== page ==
that The Arcade Fire were warming our bones at Sneaky Dee's. If two
packed shows this past weekend are any indication, 2005 could be the year of hyper-sexualized polemical party-punk.
Walking up the stairs to Rancho Relaxo on Jan. 15, attendees were
greeted with an impenetrable wall of people raising their beers and
lighters (some perilously close to the ceiling-hung streamers) to sets
by raucous roots crews The Silt and Jon-Rae & The River, before getting
down to the evening's formidable headliners, Republic of Safety.
Boasting an agenda that cheekily demands Canadians embrace socialism and sex in defiance of the puritans south of the border, RoS are themselves a study in contrasts: vocalist Maggie MacDonald -- playing
the black-clad evil twin flipside to her crowd-motivator role in The
Hidden Cameras and The Barcelona Pavilion -- and guitarist Jonny
Dovercourt contort themselves on stage left, while dual bassists Kat
and Kate, dressed like trashy cocktail waitresses, face each other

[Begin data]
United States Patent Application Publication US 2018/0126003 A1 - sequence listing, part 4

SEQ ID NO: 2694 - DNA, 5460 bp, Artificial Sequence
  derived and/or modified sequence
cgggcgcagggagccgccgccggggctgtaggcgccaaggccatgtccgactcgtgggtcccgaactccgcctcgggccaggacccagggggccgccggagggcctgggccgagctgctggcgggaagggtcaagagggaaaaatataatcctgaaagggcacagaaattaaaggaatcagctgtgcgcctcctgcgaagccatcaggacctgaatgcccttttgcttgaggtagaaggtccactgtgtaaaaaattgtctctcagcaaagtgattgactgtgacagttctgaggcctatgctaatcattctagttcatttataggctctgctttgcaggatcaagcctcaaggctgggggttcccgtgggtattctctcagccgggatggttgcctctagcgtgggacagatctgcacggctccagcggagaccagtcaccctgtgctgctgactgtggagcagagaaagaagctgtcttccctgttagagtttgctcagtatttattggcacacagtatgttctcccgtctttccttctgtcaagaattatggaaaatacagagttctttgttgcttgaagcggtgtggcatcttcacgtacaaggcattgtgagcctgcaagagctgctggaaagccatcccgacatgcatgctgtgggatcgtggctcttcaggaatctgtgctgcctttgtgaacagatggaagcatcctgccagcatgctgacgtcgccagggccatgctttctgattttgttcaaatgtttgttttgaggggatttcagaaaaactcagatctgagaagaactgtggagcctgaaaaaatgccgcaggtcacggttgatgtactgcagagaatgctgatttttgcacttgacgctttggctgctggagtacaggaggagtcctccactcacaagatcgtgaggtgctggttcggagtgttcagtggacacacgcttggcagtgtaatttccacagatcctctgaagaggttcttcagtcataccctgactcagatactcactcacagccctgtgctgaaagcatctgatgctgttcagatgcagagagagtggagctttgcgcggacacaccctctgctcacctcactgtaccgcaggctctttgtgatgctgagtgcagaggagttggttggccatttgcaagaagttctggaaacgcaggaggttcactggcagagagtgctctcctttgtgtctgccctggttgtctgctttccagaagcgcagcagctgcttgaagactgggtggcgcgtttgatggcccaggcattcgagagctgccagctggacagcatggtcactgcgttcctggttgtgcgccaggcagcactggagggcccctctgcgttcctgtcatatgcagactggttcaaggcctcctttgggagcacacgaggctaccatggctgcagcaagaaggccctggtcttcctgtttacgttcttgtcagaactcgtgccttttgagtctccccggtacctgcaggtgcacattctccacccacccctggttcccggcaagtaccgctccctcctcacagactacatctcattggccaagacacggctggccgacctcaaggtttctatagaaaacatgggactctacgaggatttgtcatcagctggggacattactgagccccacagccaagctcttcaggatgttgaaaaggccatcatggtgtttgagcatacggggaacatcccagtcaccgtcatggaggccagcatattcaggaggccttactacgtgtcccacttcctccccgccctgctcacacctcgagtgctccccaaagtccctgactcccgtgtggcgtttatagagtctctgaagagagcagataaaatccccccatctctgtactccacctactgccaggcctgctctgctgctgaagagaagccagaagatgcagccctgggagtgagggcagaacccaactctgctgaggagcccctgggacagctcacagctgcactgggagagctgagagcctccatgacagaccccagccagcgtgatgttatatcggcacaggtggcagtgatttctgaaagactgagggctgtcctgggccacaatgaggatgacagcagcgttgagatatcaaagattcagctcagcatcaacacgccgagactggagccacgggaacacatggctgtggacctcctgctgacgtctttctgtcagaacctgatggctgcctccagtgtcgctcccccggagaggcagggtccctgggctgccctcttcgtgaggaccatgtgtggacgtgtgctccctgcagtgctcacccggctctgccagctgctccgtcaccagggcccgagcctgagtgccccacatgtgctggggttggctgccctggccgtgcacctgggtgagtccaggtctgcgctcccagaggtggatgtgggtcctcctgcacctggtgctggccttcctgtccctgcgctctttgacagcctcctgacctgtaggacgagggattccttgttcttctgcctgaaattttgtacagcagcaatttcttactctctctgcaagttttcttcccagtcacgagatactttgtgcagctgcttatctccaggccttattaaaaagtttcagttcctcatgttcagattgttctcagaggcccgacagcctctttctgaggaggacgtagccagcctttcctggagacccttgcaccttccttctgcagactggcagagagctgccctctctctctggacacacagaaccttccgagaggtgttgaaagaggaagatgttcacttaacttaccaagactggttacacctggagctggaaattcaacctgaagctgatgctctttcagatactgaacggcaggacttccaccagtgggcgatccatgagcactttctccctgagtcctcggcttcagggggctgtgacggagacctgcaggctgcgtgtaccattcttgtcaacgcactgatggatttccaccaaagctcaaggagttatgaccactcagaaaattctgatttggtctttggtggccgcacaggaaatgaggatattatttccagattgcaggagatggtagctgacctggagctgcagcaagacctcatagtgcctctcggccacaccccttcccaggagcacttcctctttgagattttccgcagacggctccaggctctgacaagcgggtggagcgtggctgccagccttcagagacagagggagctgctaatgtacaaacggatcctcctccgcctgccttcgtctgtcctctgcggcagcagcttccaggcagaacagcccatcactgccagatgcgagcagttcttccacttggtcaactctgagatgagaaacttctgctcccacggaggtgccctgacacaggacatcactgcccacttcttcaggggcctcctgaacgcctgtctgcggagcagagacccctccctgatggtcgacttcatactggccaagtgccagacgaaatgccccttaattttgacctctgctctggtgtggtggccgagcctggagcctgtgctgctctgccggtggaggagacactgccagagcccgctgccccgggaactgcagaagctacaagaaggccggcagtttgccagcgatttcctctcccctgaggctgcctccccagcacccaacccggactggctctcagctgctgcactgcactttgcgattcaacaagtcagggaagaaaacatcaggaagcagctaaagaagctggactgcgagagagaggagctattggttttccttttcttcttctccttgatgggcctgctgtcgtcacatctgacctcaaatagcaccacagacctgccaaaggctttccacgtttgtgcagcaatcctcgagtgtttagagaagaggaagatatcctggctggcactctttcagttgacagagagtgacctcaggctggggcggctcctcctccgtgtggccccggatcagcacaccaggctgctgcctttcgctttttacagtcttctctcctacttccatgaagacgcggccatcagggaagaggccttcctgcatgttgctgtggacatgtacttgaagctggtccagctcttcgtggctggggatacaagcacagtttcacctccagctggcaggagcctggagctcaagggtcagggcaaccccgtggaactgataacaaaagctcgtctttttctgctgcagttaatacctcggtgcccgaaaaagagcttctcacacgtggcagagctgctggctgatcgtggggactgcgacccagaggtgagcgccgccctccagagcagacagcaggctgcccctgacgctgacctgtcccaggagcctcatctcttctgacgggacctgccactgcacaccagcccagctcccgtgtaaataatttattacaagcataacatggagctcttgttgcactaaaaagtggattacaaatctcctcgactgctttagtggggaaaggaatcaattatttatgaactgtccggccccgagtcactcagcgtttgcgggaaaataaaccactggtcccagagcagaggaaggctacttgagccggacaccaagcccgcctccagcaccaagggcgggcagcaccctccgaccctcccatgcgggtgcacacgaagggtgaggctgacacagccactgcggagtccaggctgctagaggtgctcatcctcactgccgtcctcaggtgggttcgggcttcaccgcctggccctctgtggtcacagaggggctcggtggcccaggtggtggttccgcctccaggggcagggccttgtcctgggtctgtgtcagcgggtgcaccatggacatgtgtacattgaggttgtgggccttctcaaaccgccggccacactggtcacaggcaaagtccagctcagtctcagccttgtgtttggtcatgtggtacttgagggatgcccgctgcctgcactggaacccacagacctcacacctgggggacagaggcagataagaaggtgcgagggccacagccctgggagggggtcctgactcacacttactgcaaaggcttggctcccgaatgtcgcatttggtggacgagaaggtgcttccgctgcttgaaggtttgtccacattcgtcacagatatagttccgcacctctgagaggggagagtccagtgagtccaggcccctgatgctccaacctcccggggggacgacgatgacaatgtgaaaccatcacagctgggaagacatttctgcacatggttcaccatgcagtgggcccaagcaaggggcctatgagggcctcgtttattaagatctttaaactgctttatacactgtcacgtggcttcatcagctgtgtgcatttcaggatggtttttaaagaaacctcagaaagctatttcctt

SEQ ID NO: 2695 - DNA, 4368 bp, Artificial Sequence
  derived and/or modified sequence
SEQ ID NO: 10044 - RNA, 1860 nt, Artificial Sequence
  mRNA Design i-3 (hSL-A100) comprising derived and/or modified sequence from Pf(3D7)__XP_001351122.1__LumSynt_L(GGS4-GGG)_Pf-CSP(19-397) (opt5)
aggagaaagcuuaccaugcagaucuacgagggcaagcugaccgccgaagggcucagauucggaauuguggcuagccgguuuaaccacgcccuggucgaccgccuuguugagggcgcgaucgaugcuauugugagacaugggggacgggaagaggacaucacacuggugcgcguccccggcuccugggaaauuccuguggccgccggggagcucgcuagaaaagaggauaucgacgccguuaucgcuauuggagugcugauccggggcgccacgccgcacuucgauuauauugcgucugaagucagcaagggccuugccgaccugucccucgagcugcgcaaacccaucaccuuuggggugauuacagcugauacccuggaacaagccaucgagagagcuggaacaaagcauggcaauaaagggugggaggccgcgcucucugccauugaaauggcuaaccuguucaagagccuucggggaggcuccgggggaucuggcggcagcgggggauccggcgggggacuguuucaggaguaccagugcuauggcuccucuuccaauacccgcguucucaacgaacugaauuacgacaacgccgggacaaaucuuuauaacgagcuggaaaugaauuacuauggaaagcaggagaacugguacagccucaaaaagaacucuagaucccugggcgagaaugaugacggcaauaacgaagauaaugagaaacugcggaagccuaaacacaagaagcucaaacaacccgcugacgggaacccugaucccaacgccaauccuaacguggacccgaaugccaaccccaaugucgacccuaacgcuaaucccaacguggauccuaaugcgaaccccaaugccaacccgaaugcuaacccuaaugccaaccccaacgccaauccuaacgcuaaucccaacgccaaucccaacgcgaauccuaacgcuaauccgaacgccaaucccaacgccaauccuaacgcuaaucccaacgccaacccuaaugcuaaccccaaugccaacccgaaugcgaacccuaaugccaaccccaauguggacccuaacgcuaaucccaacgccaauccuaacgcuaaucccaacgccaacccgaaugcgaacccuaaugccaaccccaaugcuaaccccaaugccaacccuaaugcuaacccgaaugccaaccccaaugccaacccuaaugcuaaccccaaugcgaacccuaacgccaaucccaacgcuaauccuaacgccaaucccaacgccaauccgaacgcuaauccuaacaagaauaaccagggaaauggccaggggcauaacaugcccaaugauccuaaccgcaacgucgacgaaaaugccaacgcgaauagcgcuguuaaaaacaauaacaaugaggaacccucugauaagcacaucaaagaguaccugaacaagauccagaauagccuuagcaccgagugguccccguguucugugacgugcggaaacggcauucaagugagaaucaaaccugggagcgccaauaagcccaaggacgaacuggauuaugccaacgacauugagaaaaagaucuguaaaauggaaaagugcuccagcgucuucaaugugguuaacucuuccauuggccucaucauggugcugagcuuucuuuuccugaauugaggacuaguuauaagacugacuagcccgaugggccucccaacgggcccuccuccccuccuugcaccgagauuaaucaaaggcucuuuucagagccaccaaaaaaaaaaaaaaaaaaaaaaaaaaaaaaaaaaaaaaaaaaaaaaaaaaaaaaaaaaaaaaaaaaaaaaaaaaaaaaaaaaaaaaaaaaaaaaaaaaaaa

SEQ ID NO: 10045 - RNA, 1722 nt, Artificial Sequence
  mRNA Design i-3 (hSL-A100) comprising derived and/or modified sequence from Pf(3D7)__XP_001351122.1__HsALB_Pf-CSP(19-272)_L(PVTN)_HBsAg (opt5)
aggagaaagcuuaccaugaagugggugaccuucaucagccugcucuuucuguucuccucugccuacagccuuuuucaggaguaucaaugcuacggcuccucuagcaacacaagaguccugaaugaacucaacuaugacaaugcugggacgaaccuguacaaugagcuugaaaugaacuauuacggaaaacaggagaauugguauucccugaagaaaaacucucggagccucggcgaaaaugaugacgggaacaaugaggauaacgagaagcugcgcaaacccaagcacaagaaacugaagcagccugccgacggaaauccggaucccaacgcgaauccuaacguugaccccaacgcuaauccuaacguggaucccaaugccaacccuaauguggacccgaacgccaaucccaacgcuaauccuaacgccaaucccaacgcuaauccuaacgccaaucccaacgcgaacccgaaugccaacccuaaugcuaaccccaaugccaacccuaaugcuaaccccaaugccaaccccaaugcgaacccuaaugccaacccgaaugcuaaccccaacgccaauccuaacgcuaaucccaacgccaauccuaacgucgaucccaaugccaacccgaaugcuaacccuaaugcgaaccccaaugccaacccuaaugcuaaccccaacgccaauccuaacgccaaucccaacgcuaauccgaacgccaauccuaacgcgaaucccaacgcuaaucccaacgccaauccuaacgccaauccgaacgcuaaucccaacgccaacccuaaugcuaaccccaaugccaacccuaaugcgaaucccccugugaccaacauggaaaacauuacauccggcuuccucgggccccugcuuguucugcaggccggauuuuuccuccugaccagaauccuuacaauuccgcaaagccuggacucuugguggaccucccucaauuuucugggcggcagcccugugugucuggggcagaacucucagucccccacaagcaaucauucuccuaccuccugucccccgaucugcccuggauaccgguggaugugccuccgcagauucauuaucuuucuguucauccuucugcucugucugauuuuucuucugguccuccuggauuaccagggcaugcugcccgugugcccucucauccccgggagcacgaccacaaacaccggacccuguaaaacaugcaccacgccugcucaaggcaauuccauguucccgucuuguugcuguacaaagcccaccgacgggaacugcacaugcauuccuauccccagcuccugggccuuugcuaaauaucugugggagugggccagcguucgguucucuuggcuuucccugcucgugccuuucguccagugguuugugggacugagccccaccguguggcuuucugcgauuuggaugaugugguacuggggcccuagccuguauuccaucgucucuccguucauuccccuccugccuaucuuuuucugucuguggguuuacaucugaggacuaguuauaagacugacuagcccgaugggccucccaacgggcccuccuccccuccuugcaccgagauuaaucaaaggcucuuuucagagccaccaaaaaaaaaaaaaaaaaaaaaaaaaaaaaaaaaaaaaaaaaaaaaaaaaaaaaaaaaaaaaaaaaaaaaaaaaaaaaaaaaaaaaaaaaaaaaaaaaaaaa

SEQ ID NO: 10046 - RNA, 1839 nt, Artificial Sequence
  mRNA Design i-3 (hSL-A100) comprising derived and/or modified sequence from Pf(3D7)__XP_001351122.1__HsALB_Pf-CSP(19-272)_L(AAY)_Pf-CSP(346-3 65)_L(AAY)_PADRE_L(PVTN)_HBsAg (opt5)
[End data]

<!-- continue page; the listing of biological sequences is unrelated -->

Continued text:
motionless on stage right, having a private conversation with their
Coming on like Sonic Youth if they knew how to party, the RoS offer
equal amounts of encouragement (MacDonald: "This next song is about confidence -- dirty old men have it, you deserve it too!") and
antagonism, best illustrated by their encore: an inspired rip through
The Undertones' "Teenage Kicks" that bled into MacDonald's acerbic
diatribe about inbreeding in her hometown of Cornwall: "40,000 people, only nine names, what does that tell you about their favourite game?"
Judging by the action on the dancefloor, there was reason to believe many at Rancho were feeling hot 'n' bothered enough to hump their own cousins, too.
A similarly riotous reception greeted kindred spirits No Dynamics at
Sneaky Dee's 24 hours later. And like RoS, No Dynamics revel in the
collision of oppositional forces: in their case, the dissonant disco of
'70s no-wave and the hormonal thrust of '60s soul and classic rock.
While testifyin' vocalist Vanessa Fischer (who, coincidentally,
replaced MacDonald in The Barcelona Pavilion) spent most of the evening
writhing up against bodies in the crowd -- and inspired that most
quaintly anachronistic of rituals, the mosh pit -- guitarist Daniel
Vila controlled the chaos with steely blues-damaged riffing that echoed
everyone from The Stooges to Hot Snakes. No fun indeed.
So there you have it: Republic of Safety and No Dynamics -- The
Beatles/Stones, Oasis/Blur, Sonic Youth/Pussy Galore of Toronto's new sex-punk underground. Here's to a new year of fucking and fighting.
STUART BERMAN - Stuart Berman

" live review -- Jan. 18, 2005"

A good weekend of live music for me, though not so much for you - too